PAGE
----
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Choice And Perception

It seems that, as of late, I have been surrounded by people who believe that life has done them in. I suppose that I can understand where they are coming from. I, at one time, believed that I had no choice but to wait around for God, in all of his wisdom, to throw me something a little better. I enjoyed wallowing in my own feces and I would do my best to bring everyone down with me. One day I looked around and woke up. I realized that I did, after all, have a great deal of choices.

I'm not exactly sure when I realized that I was a child of free will. It might have been when I was spending my own money, quite unwisely, on college. I didn't belong there so I quit. It might have been when, despite all of my friends urging me to, I made the decision not to smoke. Or maybe it was, despite all my friends urging me not to, I used pot. Free will and the ability for change were acknowledged.

My grandmother moved into an assisted living facility about a year ago. She was thrilled, at the time, with the decision. She was an amazingly independent woman who decided that she was going to give the responsibilities in her life to someone else. As the months moved on, her depression became palpable. I found it difficult to be in her presence. The woman I knew was gone. I tried my best to help her recapture what was missing. When I presented her with the thought that she did have some choices, it was as if her ears and mind closed in one big swoop and she shut me out. She'd made her decision and she would live with it. She believes that she has no choices.

Believing you have no choices is a cop-out. Even if the choice is as simple as pepper or no pepper on your potato, it is none-the-less a choice. The choices that you are ignoring are likely to be the ones that frighten you the most. I found a way to have compassion for my grandmother. Her abrupt lifestyle change was almost beyond her ability to cope. I understand that she is terribly frightened of having to go thru anything like it again. My zero tolerance for wallowing still makes it difficult for me to be near her. As far as I see it, she could choose to perceive her situation in an entirely different fashion. Choices abound when perception is changed.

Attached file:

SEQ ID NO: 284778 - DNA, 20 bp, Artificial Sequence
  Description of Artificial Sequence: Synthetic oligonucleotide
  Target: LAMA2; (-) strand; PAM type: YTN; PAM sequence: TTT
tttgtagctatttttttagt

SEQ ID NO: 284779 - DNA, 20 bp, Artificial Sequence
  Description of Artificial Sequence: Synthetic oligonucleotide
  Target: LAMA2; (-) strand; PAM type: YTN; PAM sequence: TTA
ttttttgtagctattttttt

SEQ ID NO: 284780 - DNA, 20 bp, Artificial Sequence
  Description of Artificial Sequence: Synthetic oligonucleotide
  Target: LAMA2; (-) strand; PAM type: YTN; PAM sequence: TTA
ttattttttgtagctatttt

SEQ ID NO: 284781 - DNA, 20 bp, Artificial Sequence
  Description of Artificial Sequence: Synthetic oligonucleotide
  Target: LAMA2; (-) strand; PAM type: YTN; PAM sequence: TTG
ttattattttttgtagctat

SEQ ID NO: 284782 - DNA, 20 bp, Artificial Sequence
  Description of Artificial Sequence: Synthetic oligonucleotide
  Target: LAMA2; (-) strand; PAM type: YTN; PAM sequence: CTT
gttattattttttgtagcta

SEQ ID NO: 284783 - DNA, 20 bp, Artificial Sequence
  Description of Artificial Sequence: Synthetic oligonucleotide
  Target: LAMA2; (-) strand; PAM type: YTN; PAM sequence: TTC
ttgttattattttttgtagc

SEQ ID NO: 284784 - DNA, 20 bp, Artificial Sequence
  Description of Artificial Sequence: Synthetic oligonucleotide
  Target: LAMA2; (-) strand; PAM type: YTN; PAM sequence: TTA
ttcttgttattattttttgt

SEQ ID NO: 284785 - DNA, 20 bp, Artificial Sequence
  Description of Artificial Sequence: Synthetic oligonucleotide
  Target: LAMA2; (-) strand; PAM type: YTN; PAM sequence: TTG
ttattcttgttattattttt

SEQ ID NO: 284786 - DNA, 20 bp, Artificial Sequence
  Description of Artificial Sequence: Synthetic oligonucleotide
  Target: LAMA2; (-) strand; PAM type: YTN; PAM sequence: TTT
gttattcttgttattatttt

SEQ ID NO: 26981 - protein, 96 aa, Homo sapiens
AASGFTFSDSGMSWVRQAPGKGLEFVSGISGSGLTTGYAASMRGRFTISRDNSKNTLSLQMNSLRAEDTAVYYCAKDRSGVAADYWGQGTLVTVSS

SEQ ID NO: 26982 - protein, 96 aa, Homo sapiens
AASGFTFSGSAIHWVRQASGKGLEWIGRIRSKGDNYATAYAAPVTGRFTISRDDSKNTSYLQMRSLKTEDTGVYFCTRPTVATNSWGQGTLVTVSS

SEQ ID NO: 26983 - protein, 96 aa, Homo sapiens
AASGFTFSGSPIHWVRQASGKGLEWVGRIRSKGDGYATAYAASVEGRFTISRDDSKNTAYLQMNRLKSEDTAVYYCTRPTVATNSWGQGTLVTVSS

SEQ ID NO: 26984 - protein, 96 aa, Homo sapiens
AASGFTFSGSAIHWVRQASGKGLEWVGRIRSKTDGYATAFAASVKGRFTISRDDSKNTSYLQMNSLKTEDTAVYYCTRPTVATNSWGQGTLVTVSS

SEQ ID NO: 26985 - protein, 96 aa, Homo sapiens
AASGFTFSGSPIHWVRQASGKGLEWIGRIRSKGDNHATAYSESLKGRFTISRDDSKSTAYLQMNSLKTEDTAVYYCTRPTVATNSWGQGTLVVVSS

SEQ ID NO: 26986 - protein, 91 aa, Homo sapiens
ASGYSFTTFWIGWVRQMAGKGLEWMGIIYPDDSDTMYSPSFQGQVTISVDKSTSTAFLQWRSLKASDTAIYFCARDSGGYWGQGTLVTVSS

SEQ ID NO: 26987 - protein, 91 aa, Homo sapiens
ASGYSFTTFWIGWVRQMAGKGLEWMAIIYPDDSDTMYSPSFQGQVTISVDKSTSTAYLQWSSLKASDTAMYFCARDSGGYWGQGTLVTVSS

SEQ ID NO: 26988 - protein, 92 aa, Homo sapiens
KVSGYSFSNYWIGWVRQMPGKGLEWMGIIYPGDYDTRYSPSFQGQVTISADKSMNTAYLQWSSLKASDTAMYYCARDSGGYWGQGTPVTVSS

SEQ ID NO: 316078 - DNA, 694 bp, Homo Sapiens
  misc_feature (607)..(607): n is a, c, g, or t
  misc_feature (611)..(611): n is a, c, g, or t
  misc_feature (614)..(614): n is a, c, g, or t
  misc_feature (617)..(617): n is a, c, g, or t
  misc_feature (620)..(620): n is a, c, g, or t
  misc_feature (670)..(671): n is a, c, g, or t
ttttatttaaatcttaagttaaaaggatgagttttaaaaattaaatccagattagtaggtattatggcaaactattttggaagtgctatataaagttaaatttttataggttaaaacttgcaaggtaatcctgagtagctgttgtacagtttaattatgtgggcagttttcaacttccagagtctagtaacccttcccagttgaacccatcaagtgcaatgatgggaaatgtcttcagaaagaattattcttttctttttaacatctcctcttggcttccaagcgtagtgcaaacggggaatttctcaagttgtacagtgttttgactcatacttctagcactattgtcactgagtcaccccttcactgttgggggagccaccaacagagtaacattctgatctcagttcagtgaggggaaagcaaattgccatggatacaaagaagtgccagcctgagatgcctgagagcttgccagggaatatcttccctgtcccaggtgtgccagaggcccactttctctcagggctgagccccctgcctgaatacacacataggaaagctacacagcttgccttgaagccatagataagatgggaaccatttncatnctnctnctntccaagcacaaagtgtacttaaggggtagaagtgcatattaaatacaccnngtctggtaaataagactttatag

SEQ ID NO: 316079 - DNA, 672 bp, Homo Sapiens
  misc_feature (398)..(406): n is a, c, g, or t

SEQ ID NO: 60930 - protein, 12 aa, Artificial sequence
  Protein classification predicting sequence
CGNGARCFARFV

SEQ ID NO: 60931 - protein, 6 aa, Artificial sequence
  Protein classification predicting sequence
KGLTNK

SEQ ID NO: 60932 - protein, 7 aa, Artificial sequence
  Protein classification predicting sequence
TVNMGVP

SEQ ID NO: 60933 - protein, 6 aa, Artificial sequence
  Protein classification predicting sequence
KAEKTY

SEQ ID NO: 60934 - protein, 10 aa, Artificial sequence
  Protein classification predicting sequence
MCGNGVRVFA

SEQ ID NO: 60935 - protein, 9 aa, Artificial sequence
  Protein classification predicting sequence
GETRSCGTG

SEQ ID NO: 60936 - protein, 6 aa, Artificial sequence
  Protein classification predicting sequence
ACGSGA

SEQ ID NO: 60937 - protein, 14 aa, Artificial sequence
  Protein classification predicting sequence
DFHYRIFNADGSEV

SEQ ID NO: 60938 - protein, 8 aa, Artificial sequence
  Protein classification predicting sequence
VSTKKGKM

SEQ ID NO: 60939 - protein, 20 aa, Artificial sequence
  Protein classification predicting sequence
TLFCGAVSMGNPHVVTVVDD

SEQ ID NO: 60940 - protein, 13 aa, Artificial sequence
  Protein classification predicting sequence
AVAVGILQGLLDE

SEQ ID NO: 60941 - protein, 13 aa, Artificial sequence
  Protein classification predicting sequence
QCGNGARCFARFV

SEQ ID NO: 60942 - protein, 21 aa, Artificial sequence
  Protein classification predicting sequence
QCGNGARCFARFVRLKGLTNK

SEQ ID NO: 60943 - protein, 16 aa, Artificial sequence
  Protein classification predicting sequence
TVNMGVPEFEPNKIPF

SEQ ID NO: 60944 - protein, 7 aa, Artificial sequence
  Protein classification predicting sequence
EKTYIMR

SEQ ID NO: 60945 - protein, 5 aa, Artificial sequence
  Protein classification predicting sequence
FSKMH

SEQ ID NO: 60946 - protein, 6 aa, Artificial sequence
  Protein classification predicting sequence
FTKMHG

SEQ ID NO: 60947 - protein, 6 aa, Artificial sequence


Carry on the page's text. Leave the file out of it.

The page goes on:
Perception can make a great deal of difference. My grandmother turned ninety just after she moved into her new home. In the past, she had made many comments about hoping never to live to be so old. She perceived ninety as being old, as most people would, but why was there such a difference between the upper eighties and ninety? Her change in behavior was like night and day. If, instead, she believed that turning 100 was the end she didn't want to reach, would she still be functioning like she did before? Why choose to believe everything we are told? My grandma was taught to believe that being ninety is the same as being old. She now must act as she perceives old people to act, helpless and ready to go when the mighty master calls them. A slight change in perception and she won't start failing until she turns ninety-nine or a hundred and nine. A slight change in how we choose to perceive a situation and we all might be living healthier, happier, and longer lives.

In every applicable situation, check out all the choices. Never believe that you have none. Question the "facts" that you have been fed during your life. Try to see a situation from all angles. You have been given the gift of free will and have everything required to make whatever changes you desire. If you don’t like it, change it!




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